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The Oxford Revue: A Room with Revue

I have a habit of steering away from live comedy. This is mostly out of a fear that it won’t be very good, and the excruciating awkwardness which would be the result. So it was only after intense encouragement from a number of sources that I agreed to see this year’s offering from the Oxford Revue. The production ran for two hours (including a short interval) – a great challenge, I thought, to be consistently funny for two hours. Yet they managed it admirably. This was a well executed barrel of laughs from start to finish.

A Room with Revue skillfully delivered a very modern approach to comedy. The production consisted of a series of sketches with no overriding theme or even links between them. In a similar way to the random streams of content which characterise today’s internet humour, the resulting chaos made the sketches themselves even funnier. Scripting was sharp, simple and often very clever, playing off highly relatable moments in everyday life like going shopping, watching adverts or asking for directions. The production also made hilarious use of a projected slideshow, including some sketches done entirely on video. It was this clever use of the varying themes, mediums and forms of sketches that meant the whole performance never got boring – you were always looking forward to whatever was coming next, and preparing to be surprised. It was lighthearted and very refreshing viewing.

Credit for this highly enjoyable show must be given in great part to the actors themselves. The cast seemed selected from a wide range of Oxford students with postgrads mixing with first-years in a huge variety of roles. The actors showed themselves highly capable of performing in this great range of characters and smoothly matched the production’s simple and quick-witted humour. The sketches worked best with multiple actors firing off of each other, and often stumbled the fewer people there were on stage – one-actor scenes tended to work less well. It also has to be admitted that there was a variation in funniness amongst the large cast, with some particularly standing out and dominating their scenes. But the general quality was very high, and there was nobody on stage who disappointed. Every actor was capable of generating many a laugh from the audience.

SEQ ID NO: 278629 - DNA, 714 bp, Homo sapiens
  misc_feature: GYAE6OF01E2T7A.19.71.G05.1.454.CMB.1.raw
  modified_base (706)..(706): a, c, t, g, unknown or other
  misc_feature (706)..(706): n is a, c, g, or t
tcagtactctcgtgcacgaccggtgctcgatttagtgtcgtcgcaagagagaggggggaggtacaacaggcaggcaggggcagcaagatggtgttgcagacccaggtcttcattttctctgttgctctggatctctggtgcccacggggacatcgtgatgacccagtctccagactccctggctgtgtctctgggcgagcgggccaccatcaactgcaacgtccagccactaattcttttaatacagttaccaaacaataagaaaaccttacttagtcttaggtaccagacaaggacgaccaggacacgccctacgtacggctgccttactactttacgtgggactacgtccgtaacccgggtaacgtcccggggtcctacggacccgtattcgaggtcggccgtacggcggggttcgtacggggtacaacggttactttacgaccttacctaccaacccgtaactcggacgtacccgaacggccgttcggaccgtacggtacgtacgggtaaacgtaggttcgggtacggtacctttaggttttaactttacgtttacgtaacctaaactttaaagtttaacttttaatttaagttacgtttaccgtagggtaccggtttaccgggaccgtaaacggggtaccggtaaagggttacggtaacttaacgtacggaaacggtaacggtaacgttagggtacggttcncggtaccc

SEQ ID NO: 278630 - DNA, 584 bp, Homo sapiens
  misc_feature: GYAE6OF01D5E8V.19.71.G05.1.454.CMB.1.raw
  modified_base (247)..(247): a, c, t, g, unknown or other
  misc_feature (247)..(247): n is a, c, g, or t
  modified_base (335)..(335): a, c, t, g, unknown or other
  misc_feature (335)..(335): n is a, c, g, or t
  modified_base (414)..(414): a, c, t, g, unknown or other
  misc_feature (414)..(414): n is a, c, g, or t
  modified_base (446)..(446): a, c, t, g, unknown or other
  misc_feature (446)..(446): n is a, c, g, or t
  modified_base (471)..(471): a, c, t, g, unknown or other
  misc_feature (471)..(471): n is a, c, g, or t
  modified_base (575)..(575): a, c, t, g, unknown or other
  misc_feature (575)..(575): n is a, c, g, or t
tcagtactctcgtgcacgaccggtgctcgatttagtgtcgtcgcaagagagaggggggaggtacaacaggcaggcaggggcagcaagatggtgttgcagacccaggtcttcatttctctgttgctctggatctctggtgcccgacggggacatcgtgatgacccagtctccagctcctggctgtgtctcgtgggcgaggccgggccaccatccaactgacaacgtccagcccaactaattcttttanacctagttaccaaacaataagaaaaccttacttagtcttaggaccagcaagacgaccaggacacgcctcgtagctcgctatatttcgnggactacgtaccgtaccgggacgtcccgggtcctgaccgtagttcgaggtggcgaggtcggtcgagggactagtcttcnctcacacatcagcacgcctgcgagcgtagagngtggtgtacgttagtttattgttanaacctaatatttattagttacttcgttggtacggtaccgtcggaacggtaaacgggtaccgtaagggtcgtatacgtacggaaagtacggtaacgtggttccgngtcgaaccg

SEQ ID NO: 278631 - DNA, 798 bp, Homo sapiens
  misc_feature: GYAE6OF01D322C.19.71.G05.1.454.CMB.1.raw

A special mention must go to the role of music in this production. A four-player band was on stage at all times and performed excellently. Their riffs and tunes were used throughout the production to introduce new scenes and to augment the humour of the sketches. The band was funny in their own right, and only got better in those instances where the cast themselves broke out into song – a risky ploy which can sometimes end badly, but played off to great success whenever it was used.
A Room with Revue was a simple and clever production which ranks as one of the most enjoyable shows I’ve seen all year. With sharp jokes, witty use of action, a solid cast and great musical backing, it rolled along hilariously for its two-hour course, and made me disappointed they hadn’t lengthened it to three. My fears and misconceptions about comedy definitively dispelled, I eagerly await the next offering from this impressive group.

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